Mali

 

Operation: Opération: Mali

Location

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Key Figures

2018 year-end results
100% of facilitated voluntary return was carried out in safety and dignity
77%  of new born babies received birth certificates 
75% of local law and policy relating to internal displacement in line with international standards
41.3% of persons of concern between 18-59 years old had their own business or are self-employed for more than 12 months
550 refugee and host community households received multi-purpose cash grants
2019 planning figures
100% of voluntary return is carrie dout in safety and dignity
88% of the primary school-aged children enrolled in primary education

People of Concern Personnes relevant de la compétence du HCR

84%
Increase in
2018
2018 154,432
2017 84,081
2016 100,247

 

[["Refugees",26539],["Asylum-seekers",918],["IDPs",120298],["Returned refugees",6677]]
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Mali

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2018 {"categories":[2014,2015,2016,2017,2018,2019],"budget":[69.58910338,67.860516734,49.1719132,41.007531648,21.59999173,17.43224968],"expenditure":[20.65237349,14.86664134,13.37227655,13.34678074,13.35314797,null]} {"categories":[2014,2015,2016,2017,2018,2019],"p1":[20.45192283,48.924988312,27.08867361,13.625051768,11.21245007,8.28224972],"p2":[null,0.12311877,1.06694838,0.956948,null,null],"p3":[null,10.754399482,17.77571883,25.28018688,9.26252293,8.04999949],"p4":[49.13718055,8.05801017,3.24057238,1.145345,1.12501873,1.10000047]} {"categories":[2014,2015,2016,2017,2018,2019],"p1":[11.38623867,9.3844582,7.040851,5.73030234,7.10949783,null],"p2":[null,0.10197148,0.57564893,0.75438523,null,null],"p3":[null,3.67058966,4.66259468,6.39414574,5.46708624,null],"p4":[9.26613482,1.709622,1.09318194,0.46794743,0.7765639,null]}
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CHOOSE A YEAR
  • 2014
  • 2015
  • 2016
  • 2017
  • 2018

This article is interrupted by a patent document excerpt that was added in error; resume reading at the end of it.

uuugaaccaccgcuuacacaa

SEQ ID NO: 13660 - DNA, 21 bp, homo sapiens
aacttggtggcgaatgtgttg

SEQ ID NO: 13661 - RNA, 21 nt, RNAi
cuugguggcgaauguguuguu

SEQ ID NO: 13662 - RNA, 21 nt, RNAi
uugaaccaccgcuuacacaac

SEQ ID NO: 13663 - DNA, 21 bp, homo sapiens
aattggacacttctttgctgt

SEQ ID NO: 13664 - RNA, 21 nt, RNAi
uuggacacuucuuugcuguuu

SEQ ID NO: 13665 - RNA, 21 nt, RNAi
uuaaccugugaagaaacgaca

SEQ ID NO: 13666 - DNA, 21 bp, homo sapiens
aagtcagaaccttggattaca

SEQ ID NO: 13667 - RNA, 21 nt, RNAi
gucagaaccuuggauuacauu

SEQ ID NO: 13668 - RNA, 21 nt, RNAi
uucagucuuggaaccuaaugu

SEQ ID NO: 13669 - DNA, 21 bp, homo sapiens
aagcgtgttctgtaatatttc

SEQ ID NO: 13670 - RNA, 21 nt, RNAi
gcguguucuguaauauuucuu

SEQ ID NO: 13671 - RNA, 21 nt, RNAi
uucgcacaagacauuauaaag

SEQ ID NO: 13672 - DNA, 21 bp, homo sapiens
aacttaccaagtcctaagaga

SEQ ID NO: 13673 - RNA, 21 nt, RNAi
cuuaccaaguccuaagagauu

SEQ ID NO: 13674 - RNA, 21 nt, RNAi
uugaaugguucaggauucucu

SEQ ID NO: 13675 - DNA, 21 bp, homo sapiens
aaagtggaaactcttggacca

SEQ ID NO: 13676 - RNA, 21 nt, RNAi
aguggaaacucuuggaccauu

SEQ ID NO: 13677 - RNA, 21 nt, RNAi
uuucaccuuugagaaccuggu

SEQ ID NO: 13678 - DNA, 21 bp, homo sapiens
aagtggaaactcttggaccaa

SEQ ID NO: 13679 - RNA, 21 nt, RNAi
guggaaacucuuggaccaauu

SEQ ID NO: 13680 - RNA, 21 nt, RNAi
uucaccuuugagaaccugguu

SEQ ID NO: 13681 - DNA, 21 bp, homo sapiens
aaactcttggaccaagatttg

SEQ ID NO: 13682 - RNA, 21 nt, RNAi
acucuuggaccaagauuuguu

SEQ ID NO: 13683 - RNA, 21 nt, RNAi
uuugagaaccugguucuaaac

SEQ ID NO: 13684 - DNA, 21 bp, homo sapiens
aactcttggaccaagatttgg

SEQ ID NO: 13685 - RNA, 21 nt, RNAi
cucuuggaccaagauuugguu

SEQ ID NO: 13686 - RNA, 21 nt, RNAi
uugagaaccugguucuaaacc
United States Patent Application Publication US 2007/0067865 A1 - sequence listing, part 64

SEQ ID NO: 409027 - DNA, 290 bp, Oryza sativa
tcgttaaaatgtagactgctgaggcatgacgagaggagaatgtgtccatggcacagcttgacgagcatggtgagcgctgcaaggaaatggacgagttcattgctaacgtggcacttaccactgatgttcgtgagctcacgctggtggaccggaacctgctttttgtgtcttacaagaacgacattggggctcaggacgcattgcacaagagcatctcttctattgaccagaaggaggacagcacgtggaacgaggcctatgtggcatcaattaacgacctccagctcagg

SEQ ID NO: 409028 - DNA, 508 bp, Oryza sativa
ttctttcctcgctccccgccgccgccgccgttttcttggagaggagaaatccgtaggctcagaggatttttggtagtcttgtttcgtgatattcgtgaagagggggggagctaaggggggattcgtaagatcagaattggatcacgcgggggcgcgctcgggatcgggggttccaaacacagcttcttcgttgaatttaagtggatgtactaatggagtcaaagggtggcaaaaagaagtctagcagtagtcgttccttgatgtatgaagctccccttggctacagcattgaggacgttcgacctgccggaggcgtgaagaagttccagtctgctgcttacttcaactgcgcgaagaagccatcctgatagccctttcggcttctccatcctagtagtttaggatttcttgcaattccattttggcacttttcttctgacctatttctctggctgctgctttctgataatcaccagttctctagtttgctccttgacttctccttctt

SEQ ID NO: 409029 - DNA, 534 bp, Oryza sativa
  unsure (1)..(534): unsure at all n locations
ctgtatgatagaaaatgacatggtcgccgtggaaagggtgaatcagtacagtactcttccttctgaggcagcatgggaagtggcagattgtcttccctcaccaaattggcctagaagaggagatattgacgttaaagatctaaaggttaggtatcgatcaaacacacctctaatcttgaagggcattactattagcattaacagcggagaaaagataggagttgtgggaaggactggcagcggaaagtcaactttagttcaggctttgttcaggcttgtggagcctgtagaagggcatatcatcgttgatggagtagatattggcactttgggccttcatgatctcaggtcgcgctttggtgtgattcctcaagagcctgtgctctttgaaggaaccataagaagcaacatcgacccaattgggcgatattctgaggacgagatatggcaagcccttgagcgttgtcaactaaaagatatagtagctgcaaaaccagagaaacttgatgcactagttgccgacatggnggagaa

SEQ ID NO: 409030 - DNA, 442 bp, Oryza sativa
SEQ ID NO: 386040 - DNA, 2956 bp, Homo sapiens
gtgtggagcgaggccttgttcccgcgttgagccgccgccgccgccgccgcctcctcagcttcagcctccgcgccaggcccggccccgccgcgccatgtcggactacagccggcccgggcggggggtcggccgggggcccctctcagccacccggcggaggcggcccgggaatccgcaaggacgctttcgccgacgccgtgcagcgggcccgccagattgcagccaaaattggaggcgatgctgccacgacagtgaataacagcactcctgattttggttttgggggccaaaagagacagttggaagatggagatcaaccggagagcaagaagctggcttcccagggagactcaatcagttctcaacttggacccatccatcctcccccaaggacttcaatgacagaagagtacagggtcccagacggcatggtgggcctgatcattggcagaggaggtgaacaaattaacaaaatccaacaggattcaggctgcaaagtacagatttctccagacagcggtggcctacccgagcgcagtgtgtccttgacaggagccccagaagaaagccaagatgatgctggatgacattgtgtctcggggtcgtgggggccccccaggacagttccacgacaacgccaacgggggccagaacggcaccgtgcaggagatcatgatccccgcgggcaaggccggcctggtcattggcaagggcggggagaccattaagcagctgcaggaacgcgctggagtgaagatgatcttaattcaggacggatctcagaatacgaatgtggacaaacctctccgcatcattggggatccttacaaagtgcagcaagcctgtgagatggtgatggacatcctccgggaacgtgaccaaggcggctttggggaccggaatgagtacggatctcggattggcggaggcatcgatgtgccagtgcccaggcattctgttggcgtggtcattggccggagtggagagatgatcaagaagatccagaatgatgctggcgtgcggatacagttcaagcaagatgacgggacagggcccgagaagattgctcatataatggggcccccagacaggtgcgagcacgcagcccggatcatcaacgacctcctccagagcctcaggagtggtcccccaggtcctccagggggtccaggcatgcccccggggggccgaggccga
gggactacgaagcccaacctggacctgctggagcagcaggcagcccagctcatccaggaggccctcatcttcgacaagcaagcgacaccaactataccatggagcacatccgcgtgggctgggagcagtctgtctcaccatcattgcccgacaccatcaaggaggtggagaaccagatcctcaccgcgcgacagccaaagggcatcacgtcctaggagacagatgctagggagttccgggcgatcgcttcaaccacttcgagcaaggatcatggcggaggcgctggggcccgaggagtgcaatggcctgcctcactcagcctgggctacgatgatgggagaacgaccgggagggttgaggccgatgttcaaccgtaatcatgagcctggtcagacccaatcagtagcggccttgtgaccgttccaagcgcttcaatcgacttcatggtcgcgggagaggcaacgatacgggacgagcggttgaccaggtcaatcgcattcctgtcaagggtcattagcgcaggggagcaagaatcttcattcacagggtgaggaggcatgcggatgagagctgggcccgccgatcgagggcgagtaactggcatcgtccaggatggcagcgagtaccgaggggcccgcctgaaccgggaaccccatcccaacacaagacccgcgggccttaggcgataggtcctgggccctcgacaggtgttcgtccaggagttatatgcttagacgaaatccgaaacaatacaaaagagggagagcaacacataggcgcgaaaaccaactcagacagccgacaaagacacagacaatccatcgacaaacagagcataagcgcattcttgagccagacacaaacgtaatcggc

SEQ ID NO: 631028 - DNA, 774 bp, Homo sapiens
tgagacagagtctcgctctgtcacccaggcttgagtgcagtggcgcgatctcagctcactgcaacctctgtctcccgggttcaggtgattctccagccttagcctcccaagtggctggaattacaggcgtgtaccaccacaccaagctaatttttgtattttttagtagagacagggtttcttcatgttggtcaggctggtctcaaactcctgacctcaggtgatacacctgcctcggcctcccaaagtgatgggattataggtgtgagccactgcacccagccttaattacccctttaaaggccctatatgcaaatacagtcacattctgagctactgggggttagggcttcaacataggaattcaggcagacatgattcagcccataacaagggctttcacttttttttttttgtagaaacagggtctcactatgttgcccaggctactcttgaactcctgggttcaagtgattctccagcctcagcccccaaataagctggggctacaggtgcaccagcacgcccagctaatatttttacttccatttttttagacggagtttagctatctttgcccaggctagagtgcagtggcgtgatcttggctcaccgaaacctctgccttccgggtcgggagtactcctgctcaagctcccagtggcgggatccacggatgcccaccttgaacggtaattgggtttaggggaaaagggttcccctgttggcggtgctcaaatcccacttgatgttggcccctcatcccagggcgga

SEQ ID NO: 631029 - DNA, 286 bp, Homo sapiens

• 2019

Operational context

Tensions continued in the north of Mali between pro-Government armed groups and rebels, leading to sporadic clashes, human rights abuses and the intensification of intercommunal tensions – in spite of the peace and reconciliation agreement signed in 2015. In August 2018, President Ibrahim Boubacar Keita was re-elected by a 67% majority. Post-election protests by opposition took place in the country, but they did not affect UNHCR’s activities significantly. Political dialogue carried on between the Government and groups concerned, with increased reconciliation meetings aiming to re-establish State authority in the north and centre of the country, alongside security reform. 

The volatile security environment in northern and central Mali, including along the border with Burkina Faso, continued to destabilize local communities, jeopardizing the protection of civilians and preventing displaced people from returning to their homes.

Population trends

The population of concern in Mali increased from some 55,800 at the beginning of the year, to some 151,900 at the end of the year. The increase is largely due to the growth in the number of IDPs in Mali.

At year end, there were some 26,500 recognized refugees originating from Mauritania (58%), Burkina Faso (32 %), Niger (4%), the Central African Republic (3%), Côte d’Ivoire (2%) and the Democratic Republic of the Congo. Some 60% are protracted refugees, especially those who fled Mauritania in 1989 and Côte d’Ivoire in and after 2002. The new refugee arrivals in 2018 included some 8,460 people from Burkina Faso and approximately 1,020 people from Niger.

By the end of 2018, the Government had registered over 4,100 Malian returnees.  Moreover, some 82,100 people were displaced internally in 2018, bringing the total number of IDPs to 120,300. No returns of IDPs were recorded.

More than 145,000 Malian refugees continue to reside in countries across the region, namely, Burkina Faso, Mauritania and Niger. 

Key achievements

  • The Government of Mali adopted and domesticated the Kampala Convention on IDPs into its national asylum legal framework.
  • 1,161 Mauritanian refugees were naturalized. They received Malian nationality in the framework of local integration.